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The Duncan Download Blog: Business Aviation Advice & Observations

Navigating A Business Aircraft Import While Overseas

Posted by Diane Heiserman on Fri, Dec 20, 2013 @ 10:43 AM

Dan Moody

No two business aircraft import and exports are exactly alike. That's when decades of experience come in handy while navigating the process. That’s where Dan Moody steps in.

Dan Moody, MRA project coordinator, spent four extra days overseas working diligently to complete the U.S. import and inspection of a Swiss aircraft as well as issue a Standard Airworthiness Certificate. 

Because the aircraft was registered in Switzerland and was required to be de-registered there, Dan had to inspect the Falcon 7X in country, so he flew overseas to Geneva to serve as the customer’s consultant.

After the aircraft was de-registered and placed on U.S. Registry, Dan needed to obtain a special flight authorization to get the aircraft within the United States to complete the import process.

“I contacted the nearest FAA office in Frankfurt, hoping to simply send the necessary paperwork their way, and they informed me I needed to hire a Designated Airworthiness Representative (DAR) to come inspect the Falcon and approve the authorization,” says Dan.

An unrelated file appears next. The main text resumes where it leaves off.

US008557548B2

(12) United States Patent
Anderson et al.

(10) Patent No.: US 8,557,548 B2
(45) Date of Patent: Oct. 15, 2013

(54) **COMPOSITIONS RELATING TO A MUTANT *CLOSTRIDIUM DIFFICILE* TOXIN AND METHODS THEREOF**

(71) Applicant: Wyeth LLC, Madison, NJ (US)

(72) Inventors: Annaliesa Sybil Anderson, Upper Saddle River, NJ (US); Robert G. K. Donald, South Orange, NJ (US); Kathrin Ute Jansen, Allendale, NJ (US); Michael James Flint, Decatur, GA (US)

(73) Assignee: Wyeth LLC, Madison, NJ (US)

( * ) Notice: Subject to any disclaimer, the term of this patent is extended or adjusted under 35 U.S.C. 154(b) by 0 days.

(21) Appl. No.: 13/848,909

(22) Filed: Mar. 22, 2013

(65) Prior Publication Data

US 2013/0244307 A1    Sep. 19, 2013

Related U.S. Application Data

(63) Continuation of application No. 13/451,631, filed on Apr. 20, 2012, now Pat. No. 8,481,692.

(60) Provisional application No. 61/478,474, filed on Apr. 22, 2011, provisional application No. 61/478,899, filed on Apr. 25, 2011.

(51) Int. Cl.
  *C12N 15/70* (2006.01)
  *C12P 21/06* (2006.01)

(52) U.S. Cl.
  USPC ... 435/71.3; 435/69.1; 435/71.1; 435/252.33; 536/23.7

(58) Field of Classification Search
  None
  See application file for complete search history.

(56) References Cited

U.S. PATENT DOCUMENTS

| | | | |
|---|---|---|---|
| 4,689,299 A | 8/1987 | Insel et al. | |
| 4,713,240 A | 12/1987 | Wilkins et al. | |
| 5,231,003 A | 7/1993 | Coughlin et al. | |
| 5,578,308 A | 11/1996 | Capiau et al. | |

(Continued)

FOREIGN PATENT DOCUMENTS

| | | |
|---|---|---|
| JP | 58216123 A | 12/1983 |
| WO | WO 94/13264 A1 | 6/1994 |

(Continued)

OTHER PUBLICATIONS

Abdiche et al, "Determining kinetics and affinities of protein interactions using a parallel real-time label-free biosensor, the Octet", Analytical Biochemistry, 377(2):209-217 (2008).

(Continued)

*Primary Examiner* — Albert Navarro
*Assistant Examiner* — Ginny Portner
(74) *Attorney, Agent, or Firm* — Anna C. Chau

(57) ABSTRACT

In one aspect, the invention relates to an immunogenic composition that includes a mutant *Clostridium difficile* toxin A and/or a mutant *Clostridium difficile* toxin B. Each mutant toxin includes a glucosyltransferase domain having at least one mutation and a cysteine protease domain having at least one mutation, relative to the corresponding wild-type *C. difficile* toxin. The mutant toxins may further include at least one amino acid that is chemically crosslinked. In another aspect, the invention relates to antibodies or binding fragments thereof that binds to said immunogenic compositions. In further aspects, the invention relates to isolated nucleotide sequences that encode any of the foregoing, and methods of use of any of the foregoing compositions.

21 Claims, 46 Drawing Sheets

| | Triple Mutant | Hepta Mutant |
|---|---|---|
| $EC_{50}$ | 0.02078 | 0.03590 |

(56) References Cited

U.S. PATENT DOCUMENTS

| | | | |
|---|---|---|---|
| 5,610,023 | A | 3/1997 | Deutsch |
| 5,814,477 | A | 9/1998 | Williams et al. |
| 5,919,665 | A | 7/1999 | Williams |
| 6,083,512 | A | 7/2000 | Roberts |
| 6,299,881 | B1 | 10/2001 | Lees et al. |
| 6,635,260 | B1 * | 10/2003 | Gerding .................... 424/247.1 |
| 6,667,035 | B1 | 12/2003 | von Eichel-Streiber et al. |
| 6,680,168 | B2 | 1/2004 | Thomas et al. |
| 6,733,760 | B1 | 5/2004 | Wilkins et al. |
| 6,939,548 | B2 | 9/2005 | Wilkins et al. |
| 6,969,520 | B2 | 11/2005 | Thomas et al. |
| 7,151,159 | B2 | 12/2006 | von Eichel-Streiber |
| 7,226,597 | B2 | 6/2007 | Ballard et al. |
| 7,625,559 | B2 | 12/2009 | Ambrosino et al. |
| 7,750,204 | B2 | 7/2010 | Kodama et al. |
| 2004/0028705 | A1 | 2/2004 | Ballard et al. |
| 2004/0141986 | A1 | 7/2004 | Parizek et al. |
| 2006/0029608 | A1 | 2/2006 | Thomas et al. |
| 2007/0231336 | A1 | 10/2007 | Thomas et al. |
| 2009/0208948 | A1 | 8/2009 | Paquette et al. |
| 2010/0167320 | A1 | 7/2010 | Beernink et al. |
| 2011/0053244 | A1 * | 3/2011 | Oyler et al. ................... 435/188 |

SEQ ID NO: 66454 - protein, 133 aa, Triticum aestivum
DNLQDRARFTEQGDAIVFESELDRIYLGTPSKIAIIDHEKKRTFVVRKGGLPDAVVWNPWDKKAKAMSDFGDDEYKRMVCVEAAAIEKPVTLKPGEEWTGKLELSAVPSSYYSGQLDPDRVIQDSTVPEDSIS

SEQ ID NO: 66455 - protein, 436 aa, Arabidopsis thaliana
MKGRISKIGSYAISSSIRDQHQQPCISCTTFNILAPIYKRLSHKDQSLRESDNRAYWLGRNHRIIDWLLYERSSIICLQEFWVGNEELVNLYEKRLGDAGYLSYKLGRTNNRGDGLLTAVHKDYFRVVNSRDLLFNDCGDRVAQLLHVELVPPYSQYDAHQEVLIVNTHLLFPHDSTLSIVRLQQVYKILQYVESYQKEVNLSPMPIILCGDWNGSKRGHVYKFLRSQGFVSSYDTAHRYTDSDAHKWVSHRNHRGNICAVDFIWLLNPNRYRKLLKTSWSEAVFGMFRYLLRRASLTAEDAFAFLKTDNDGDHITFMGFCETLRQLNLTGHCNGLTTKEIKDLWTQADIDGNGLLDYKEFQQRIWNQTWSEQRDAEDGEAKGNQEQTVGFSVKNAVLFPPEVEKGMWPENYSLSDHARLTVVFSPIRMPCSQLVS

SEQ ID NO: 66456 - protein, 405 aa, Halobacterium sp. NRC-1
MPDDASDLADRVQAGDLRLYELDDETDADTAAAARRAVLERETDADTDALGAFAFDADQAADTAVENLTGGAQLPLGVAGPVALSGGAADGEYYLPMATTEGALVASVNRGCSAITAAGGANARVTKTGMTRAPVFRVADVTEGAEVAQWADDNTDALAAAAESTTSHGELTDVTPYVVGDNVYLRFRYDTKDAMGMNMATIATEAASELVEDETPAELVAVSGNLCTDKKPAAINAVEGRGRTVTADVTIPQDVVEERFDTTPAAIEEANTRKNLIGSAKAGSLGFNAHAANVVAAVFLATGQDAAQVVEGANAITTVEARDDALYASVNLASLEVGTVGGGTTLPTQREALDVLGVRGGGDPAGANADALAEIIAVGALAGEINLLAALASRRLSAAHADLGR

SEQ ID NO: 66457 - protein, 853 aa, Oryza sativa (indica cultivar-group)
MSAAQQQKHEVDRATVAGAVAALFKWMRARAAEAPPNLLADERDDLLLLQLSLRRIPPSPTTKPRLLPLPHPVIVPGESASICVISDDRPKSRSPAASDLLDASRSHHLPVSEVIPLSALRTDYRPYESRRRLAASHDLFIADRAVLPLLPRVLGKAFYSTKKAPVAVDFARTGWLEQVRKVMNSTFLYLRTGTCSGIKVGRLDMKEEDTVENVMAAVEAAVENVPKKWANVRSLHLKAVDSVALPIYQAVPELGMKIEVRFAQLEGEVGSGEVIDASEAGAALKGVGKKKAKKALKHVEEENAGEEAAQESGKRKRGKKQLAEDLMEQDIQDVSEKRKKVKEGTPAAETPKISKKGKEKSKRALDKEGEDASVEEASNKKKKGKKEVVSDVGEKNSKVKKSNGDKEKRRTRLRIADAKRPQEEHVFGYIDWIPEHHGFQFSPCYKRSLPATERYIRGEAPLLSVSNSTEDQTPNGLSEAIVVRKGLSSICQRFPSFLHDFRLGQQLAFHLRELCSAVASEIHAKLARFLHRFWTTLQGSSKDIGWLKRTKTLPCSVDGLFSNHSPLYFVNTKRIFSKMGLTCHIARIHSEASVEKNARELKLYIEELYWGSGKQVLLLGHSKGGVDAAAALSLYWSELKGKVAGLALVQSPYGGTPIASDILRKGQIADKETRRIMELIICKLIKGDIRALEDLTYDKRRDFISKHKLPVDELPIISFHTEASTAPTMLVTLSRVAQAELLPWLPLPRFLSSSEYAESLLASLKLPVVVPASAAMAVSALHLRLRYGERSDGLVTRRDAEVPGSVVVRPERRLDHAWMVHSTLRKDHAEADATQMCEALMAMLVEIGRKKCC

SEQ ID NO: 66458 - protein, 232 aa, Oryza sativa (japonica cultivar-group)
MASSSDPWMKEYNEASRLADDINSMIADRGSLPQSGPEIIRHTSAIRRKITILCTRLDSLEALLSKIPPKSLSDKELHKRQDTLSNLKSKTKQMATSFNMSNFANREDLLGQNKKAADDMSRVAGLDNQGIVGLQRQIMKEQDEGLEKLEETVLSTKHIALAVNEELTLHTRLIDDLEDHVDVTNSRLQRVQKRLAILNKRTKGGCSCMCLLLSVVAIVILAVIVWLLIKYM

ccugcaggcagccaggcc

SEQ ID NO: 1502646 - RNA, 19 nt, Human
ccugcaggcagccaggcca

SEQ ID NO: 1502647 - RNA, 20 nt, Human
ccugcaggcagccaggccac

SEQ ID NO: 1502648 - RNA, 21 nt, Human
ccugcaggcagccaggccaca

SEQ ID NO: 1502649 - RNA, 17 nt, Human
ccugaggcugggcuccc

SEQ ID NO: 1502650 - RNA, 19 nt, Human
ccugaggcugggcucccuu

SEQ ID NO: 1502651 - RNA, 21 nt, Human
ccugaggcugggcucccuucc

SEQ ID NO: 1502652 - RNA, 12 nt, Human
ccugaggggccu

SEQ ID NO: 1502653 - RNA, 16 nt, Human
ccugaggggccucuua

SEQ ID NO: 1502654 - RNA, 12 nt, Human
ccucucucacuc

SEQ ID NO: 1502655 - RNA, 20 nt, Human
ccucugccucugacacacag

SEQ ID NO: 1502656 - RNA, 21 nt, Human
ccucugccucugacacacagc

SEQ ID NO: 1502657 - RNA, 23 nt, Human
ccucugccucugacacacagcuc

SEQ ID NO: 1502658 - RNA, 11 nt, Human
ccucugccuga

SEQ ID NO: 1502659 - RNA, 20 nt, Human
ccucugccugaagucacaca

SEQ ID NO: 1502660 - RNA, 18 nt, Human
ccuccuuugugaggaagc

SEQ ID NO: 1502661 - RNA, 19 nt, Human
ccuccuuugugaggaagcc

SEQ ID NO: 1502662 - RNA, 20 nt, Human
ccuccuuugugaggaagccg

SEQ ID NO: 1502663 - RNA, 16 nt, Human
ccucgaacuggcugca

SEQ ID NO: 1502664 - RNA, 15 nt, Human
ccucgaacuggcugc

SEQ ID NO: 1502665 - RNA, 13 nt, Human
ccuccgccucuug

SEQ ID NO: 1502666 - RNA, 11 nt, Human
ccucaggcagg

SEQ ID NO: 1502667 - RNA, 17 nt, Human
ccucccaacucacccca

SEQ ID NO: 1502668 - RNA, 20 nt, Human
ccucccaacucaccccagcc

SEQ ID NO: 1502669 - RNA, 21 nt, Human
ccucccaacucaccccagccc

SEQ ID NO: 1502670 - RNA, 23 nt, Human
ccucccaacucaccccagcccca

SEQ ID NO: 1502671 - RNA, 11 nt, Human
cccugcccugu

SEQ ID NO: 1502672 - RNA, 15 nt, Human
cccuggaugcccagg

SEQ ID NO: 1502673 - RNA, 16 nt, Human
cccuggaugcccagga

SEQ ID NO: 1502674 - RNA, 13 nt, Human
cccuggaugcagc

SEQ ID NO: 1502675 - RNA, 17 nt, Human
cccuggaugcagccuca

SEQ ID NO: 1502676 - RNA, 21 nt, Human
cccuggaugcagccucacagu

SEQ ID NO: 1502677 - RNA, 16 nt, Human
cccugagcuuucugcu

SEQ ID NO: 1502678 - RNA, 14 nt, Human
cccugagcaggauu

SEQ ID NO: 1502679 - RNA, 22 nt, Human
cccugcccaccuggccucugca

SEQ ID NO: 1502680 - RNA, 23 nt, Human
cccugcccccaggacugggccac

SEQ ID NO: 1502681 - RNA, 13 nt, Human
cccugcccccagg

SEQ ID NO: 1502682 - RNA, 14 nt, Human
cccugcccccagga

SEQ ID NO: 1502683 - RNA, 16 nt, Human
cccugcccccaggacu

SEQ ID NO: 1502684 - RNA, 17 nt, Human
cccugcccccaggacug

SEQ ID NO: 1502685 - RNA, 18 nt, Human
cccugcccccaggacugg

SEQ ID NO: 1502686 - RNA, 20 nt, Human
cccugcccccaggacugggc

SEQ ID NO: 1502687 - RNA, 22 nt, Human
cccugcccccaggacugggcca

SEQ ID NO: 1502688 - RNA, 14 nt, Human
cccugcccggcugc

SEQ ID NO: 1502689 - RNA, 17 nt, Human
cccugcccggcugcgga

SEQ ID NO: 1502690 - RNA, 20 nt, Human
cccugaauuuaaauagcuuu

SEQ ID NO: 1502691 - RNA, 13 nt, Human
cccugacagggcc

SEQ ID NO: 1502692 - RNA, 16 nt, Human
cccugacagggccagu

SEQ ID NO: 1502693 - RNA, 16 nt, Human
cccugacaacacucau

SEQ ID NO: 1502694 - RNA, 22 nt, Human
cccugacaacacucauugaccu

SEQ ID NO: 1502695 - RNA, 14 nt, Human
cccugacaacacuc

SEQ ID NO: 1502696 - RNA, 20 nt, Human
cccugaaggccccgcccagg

Facing an unknown delay based on the DAR’s availability, Dan approached the customer with two options: wait for the DAR to arrive and hopefully approve the flight authorization or Dan could stay a few extra days and complete the entire import process, negating the need for the authorization.

“Experience is the only thing that can prepare you for something like this,” says Dan.

Dan was able to complete the import on foreign soil and issue the Standard Airworthiness Certificate during the extra days he was in Switzerland.

“The customer was overjoyed. In fact, He asked Duncan Aviation to paint the aircraft at its Battle Creek, Michigan, location,” says Dan.

Crossing Borders: Importing and Exporting Aircraft

During the last several years, the business aircraft industry has seen increased numbers of new and preowned business aircraft being sold overseas. As a result, aircraft buyers, sellers and service facilities are increasingly involved in cross-border transactions. Read more about how Duncan Aviation navigates this complicated process in the 2013 Fall Issue of the Duncan Debrief.

Tags: Regulations, Aircraft Sales, International Considerations

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